Saying the renovations could end up costing hundreds of millions, Stan Kasten outlined some of the physical improvements new owners have planned for Dodger Stadium.
While Dodger Stadium is a crown jewel of Major League Baseball ballparks -- now the third oldest, after Fenway Park and Wrigley Field -- it's also been steadily neglected since it was owned by the O'Malley family, first under Fox and then under Frank McCourt. According to Kasten, the first round of renovations overseen by the new Los Angeles Dodgers owners will cover those essential, unglamorous parts of the ballpark that tend to be forgotten: on the agenda are expanded clubhouses, Wi-Fi service and kids' play areas, with a team museum also on the wish list. Some of the 56,000 seats could be removed as well; decreasing capacity will increase demand down the road and not really impact attendance in the short term.
Also on tap: more retail and a grander entrance to the ballpark.
There's plenty of land for development: Dodger Stadium sits amongst 300 acres on Chavez Ravine, which means one could add retail, restaurants and other amenities to the Dodger Stadium footprint and still have plenty of room for additional development down the road.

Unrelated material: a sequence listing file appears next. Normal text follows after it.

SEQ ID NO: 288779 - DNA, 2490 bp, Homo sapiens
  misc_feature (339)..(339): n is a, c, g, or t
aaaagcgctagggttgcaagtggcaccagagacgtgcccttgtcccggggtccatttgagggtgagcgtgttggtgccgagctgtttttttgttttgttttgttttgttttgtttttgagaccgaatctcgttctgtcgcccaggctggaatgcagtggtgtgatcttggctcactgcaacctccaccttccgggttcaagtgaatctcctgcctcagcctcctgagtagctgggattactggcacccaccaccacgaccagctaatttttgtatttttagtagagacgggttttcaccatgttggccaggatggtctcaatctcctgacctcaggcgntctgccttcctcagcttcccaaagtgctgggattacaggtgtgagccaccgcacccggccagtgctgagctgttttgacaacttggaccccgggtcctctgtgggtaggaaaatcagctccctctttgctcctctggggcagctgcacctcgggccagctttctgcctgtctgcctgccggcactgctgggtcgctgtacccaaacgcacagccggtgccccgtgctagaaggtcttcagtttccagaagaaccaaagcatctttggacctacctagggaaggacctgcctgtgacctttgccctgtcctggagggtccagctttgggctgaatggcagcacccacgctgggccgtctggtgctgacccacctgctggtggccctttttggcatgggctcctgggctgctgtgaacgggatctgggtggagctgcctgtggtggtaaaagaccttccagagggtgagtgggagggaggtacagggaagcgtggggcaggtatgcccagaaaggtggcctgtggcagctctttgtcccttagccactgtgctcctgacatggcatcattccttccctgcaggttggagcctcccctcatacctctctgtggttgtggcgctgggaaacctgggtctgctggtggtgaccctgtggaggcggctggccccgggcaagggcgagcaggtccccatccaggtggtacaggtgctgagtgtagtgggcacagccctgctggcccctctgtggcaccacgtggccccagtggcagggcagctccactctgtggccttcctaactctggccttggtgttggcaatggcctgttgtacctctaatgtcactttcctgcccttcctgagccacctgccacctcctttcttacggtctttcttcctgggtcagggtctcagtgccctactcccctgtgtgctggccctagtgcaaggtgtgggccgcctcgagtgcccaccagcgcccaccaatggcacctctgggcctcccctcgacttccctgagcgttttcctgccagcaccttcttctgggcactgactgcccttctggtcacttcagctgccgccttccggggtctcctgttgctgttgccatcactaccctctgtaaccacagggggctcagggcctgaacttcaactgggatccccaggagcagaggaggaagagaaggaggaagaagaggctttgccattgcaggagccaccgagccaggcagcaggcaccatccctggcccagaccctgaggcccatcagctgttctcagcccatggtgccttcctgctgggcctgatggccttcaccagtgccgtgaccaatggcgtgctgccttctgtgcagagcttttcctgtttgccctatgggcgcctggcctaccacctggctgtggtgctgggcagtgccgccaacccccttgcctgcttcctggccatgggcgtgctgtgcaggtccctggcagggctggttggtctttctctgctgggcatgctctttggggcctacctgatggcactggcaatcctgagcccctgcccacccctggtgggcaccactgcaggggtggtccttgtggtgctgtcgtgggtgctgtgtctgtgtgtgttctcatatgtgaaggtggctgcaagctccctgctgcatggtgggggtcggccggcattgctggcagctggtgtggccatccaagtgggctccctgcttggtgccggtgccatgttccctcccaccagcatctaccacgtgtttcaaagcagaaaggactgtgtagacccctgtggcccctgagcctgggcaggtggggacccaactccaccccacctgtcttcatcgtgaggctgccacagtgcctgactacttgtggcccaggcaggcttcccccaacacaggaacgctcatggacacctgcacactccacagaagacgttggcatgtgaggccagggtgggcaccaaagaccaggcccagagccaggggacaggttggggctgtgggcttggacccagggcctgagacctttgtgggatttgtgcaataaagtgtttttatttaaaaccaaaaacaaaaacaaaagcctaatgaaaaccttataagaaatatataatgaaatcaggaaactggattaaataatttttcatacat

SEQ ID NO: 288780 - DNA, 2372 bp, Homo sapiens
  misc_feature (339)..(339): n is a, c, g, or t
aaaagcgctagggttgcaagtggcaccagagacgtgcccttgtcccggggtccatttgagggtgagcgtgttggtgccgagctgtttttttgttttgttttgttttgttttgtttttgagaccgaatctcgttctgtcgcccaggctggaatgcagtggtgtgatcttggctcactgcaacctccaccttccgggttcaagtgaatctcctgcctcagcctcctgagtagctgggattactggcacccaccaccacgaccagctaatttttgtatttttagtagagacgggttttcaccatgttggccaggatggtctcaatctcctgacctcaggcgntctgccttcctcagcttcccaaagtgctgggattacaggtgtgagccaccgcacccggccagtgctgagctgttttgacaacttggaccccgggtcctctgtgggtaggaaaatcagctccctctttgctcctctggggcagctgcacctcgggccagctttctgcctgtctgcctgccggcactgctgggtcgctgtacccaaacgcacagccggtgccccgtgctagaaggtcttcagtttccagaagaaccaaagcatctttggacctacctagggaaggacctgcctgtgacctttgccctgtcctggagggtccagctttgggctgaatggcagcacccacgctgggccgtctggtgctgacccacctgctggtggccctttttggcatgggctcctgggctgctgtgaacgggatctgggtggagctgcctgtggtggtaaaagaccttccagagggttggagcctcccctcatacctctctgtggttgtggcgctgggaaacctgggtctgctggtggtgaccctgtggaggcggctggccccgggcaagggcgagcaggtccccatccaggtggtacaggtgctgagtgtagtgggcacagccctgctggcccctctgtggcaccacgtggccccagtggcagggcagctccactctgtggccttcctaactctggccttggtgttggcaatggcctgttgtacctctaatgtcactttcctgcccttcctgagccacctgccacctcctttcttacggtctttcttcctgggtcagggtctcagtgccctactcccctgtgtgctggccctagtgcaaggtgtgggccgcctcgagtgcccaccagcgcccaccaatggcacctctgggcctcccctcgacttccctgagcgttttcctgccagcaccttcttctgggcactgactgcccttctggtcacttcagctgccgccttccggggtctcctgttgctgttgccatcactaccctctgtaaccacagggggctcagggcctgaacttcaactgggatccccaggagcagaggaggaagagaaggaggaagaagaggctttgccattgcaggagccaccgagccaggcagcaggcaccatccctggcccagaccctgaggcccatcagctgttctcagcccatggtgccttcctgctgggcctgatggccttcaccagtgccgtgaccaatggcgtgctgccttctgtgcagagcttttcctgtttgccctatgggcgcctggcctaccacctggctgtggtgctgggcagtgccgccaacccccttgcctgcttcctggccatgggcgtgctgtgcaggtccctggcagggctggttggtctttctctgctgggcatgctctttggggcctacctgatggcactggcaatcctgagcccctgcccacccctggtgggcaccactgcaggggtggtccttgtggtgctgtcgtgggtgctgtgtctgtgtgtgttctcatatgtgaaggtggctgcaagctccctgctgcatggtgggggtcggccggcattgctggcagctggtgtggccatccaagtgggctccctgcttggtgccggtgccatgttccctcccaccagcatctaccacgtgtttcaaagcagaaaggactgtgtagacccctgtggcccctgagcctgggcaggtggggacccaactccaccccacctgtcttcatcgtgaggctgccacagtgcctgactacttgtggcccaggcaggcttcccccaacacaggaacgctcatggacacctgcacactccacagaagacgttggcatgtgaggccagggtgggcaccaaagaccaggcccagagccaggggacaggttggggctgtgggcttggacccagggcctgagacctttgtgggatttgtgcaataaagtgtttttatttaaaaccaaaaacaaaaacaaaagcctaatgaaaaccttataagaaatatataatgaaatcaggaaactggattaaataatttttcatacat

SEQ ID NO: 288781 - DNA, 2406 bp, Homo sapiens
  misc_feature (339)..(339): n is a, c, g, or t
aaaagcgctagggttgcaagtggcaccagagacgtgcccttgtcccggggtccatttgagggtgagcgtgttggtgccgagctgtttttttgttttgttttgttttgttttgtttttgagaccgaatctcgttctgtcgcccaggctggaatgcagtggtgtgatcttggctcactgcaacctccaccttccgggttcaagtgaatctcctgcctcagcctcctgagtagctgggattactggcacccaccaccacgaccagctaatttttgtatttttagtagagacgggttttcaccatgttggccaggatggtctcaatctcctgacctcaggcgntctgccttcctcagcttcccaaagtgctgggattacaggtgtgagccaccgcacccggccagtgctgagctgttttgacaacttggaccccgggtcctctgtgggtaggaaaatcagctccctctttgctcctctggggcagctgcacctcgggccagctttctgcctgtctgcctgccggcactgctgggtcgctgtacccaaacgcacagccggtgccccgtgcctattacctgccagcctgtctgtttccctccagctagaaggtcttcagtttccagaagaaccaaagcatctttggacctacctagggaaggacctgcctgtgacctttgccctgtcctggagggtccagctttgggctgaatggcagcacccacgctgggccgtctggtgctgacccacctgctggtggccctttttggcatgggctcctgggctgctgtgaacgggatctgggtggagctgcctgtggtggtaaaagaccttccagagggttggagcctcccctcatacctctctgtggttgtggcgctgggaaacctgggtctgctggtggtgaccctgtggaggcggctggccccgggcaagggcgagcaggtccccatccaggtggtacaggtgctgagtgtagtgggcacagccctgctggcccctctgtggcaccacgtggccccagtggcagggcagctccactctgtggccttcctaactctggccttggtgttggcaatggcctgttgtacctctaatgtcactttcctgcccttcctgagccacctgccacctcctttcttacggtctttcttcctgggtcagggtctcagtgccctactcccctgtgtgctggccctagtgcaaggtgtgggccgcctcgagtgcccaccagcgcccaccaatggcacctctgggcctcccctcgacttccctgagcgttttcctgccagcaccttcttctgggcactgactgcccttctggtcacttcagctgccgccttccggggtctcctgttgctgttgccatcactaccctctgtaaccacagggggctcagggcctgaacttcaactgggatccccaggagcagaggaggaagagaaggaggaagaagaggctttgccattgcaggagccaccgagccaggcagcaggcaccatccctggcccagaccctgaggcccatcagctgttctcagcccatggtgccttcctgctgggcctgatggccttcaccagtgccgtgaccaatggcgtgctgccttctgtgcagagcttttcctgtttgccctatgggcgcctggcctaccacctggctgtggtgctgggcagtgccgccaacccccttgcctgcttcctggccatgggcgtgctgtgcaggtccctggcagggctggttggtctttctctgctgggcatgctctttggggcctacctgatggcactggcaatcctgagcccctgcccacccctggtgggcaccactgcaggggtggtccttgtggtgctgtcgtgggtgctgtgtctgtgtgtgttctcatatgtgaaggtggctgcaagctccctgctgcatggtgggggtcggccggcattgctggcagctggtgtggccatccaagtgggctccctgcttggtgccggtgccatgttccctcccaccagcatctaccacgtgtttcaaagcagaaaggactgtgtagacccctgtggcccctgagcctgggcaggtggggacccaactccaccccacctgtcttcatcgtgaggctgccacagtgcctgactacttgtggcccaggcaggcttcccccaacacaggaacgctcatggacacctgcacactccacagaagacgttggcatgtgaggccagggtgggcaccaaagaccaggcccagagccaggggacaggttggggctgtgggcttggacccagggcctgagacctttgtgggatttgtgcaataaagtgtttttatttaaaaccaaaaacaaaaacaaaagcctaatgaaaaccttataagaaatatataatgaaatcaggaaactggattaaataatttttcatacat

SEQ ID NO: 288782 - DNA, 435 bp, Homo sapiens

And you can expect more sponsorships -- sales pitches -- at the ballpark. While it sounds like Kasten is retaining the possibility of selling naming rights (which would be a monumentally stupid and greedy move), you'll also see more corporate participation at the ballpark:
To increase revenue, the Dodgers plan to solicit premium sponsorships that will let participating companies showcase products in unique ways, Kasten said.
The Dodgers would consider sponsorships similar to those Kasten negotiated in Atlanta as part of the two stadiums and one arena he built during his sports career. At Philips Arena, home of basketball’s Atlanta Hawks, Philips Electronics BV displays its consumer products for fans. At Turner Field, home of the Braves baseball team, Coca-Cola Co.;built an 80-foot soda bottle and kids amusement park.
“Many times the best ideas don’t come from us, they come from the companies interested in a sponsorship,” Kasten said.
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